The Learning Curve Theory

Apply The Learning Curve Theory
Kimberly Osborne
January 14, 2013
Manuel Gonzalez

Apply the Learning Curve Theory
The learning curve can be applied to both individuals and organizations. An individual will learn a task when it is repeated over and over again, and skills will improve. According to Chase, Jacobs, and Aquilano organizational learning results from ???repeated processes as well as from changes in administration, equipment, and product design (Chase, Jacobs, Aquilano, p. 135, 2006). There are three assumptions which the learning curve theory is based on first is the amount of time required to complete a given task or unit of a product will be less each time the task is undertaken. Second is that, the unit time will decrease a decreasing rate. Third is the reduction in time will follow a predictable pattern (Chase, Jacobs, & Aquilano, p. 134, 2006).
Alternative to the Process
Mario??™s Pizzeria is a family owned restaurant that prides itself on homemade taste, quality, and fast service. The pizzeria is now facing some problems with customers walking out for various reasons. In particular the wait time is at the high end of nine to eleven minutes. Customers do not want to wait more than six to nine minutes, and the seating arrangements are for tables of four only. The wait staff and the kitchen staff are not being fully utilized, and the ovens are in need of being updated.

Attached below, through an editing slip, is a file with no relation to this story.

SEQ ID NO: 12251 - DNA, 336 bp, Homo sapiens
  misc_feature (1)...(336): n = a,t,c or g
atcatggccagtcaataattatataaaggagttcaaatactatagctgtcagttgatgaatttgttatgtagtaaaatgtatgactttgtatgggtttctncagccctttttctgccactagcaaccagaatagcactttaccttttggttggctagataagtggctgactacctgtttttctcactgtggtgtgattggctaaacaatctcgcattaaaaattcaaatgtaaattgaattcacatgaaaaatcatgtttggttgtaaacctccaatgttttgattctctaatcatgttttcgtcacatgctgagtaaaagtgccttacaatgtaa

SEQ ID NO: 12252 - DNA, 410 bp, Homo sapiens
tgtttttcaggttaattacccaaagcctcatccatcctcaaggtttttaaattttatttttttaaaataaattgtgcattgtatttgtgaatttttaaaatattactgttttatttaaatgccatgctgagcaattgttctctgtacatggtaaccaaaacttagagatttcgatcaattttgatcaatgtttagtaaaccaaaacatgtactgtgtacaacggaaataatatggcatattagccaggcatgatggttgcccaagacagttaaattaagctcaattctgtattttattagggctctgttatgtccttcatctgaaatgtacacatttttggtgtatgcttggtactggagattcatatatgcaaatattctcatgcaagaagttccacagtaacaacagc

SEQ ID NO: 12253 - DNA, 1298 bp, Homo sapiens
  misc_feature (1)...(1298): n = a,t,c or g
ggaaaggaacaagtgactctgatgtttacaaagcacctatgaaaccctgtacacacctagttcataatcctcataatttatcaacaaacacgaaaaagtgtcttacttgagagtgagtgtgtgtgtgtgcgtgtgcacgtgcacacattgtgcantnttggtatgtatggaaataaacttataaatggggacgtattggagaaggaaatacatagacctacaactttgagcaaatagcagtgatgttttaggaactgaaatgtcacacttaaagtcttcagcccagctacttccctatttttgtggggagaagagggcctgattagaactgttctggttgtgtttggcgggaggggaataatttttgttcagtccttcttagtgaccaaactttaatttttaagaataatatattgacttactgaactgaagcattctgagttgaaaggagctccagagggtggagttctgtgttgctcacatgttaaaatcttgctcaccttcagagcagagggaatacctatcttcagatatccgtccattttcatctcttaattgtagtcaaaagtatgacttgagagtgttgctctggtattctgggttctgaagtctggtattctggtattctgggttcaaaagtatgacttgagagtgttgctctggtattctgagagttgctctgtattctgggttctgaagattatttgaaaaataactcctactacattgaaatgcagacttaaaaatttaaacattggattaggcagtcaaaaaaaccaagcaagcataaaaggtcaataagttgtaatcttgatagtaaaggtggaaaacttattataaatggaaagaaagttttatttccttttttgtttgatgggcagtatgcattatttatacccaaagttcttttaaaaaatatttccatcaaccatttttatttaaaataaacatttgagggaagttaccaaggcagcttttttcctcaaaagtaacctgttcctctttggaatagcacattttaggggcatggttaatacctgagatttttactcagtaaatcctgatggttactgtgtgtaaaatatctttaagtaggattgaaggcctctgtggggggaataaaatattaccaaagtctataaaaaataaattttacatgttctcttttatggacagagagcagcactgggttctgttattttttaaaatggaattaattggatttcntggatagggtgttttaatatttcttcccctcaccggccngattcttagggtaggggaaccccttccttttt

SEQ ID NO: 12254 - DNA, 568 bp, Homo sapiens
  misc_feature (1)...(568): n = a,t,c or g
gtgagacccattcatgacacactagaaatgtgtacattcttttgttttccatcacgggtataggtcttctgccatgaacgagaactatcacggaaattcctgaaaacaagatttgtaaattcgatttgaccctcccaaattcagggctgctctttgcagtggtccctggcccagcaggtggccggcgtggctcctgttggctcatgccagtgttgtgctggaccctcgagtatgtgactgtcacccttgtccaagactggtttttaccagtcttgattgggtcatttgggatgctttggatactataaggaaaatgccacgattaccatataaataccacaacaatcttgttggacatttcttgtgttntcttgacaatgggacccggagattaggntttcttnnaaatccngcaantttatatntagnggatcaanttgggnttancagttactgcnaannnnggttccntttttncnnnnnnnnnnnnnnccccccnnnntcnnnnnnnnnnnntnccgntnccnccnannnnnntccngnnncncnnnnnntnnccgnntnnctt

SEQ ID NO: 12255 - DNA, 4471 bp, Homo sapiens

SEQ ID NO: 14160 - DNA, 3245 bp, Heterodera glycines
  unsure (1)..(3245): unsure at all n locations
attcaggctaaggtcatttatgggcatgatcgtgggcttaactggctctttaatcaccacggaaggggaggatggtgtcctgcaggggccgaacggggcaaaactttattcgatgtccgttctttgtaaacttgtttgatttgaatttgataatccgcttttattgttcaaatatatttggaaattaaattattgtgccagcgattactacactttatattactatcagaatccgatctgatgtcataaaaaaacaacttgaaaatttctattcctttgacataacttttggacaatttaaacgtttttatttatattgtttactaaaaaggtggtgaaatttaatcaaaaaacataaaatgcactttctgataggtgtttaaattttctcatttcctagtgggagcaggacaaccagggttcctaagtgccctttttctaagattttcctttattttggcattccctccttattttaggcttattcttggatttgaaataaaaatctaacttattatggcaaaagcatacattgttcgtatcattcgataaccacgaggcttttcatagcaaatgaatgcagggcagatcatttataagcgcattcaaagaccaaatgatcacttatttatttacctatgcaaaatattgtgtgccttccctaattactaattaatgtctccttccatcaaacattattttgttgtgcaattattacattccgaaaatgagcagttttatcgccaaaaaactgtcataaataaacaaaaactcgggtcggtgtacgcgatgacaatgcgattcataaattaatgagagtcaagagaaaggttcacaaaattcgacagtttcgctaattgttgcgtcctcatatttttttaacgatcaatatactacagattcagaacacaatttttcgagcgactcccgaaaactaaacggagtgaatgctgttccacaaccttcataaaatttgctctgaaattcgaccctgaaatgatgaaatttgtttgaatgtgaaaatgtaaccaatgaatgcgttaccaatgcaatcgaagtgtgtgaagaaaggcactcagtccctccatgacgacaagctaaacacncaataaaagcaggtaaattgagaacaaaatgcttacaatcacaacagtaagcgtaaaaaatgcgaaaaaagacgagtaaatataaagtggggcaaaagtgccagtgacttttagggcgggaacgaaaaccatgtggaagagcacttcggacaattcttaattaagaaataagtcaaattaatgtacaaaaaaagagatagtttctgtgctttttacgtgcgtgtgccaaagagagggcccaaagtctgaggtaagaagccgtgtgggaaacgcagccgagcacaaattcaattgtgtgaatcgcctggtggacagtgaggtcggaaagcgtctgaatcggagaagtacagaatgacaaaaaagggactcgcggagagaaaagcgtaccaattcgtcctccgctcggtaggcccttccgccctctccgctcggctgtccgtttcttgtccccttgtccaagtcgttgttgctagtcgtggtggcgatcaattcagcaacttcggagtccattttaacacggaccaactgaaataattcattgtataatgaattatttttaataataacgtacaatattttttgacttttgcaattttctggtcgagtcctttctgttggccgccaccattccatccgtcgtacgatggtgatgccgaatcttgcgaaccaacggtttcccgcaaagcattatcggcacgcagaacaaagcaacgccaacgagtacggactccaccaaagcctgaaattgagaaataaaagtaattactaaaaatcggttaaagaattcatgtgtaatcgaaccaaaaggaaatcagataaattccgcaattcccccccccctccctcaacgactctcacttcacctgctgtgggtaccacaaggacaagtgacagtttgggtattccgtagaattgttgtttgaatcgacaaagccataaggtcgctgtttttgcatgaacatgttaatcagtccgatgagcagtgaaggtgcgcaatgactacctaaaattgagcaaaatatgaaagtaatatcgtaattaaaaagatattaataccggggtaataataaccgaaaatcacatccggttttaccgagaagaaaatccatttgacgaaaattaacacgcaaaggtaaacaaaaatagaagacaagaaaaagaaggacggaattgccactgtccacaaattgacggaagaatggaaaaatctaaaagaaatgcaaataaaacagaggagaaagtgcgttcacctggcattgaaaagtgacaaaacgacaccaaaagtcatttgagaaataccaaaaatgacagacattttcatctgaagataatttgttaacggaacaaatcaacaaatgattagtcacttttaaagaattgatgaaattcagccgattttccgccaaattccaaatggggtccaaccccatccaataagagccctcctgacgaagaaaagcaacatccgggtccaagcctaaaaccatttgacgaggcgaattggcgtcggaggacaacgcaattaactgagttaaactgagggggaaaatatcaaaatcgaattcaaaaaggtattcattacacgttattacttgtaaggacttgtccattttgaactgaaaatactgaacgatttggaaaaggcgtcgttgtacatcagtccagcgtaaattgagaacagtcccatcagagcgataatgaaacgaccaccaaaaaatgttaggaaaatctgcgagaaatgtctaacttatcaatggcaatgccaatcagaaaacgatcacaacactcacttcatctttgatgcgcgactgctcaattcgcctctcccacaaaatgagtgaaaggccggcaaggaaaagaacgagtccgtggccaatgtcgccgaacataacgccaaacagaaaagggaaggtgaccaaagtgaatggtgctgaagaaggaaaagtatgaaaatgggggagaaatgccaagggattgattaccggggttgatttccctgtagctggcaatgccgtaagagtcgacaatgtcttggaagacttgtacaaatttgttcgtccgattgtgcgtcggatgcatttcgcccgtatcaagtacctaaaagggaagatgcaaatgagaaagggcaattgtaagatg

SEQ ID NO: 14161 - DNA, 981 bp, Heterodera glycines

Mario has decided to give his only grandson the opportunity to improve the restaurant and turn the profits around. If his grandson can do this and Mario is pleased, at the end of two months Mario will hand the business over to his grandson (Pizza Store Layout Simulation, 2010). After going through the simulation several times and making different changes each time the following changes can be made to improve the wait time, the rate pizzas will be served, the utilization of staff, and increased profits.
1. By changing the seating to eight tables for two and ten tables for four the average wait time became 5.56 minutes. The average queue length changed to 2.54.
2. The average number of customers who balked became 16 groups of four and three groups of two.
3. The earned profit became $1498 with a loss in sales of $525.
4. The utilization rate for tables of four became 95.67% and the utilization rate for tables of two became 89.18%.
5. By installing only one new Plax oven the process time for getting the pizzas out to the customer also decreased.
6. By renting the Cream Puffs bakery and installing the new MenuPoint System the utilization of staff increased to 60-80%.
The process performance data is the waiting time for customers, number of customers that balked, number of pizzas cooked and served, and wait staff (time it takes them) to serve customers. By implementing the above changes Mario??™s will be able to improve overall customer service by decreasing wait time, faster cooking time, and improve the use of all wait staff and kitchen staff without having to get rid of any of the staff members which is pleasing to Mario.

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Chase, R. B., Jacobs, F. R., & Aquilano, N. J. (2006) Operations management for competitive
advantage (11th ed). New York: McGraw Hill/Irwin.

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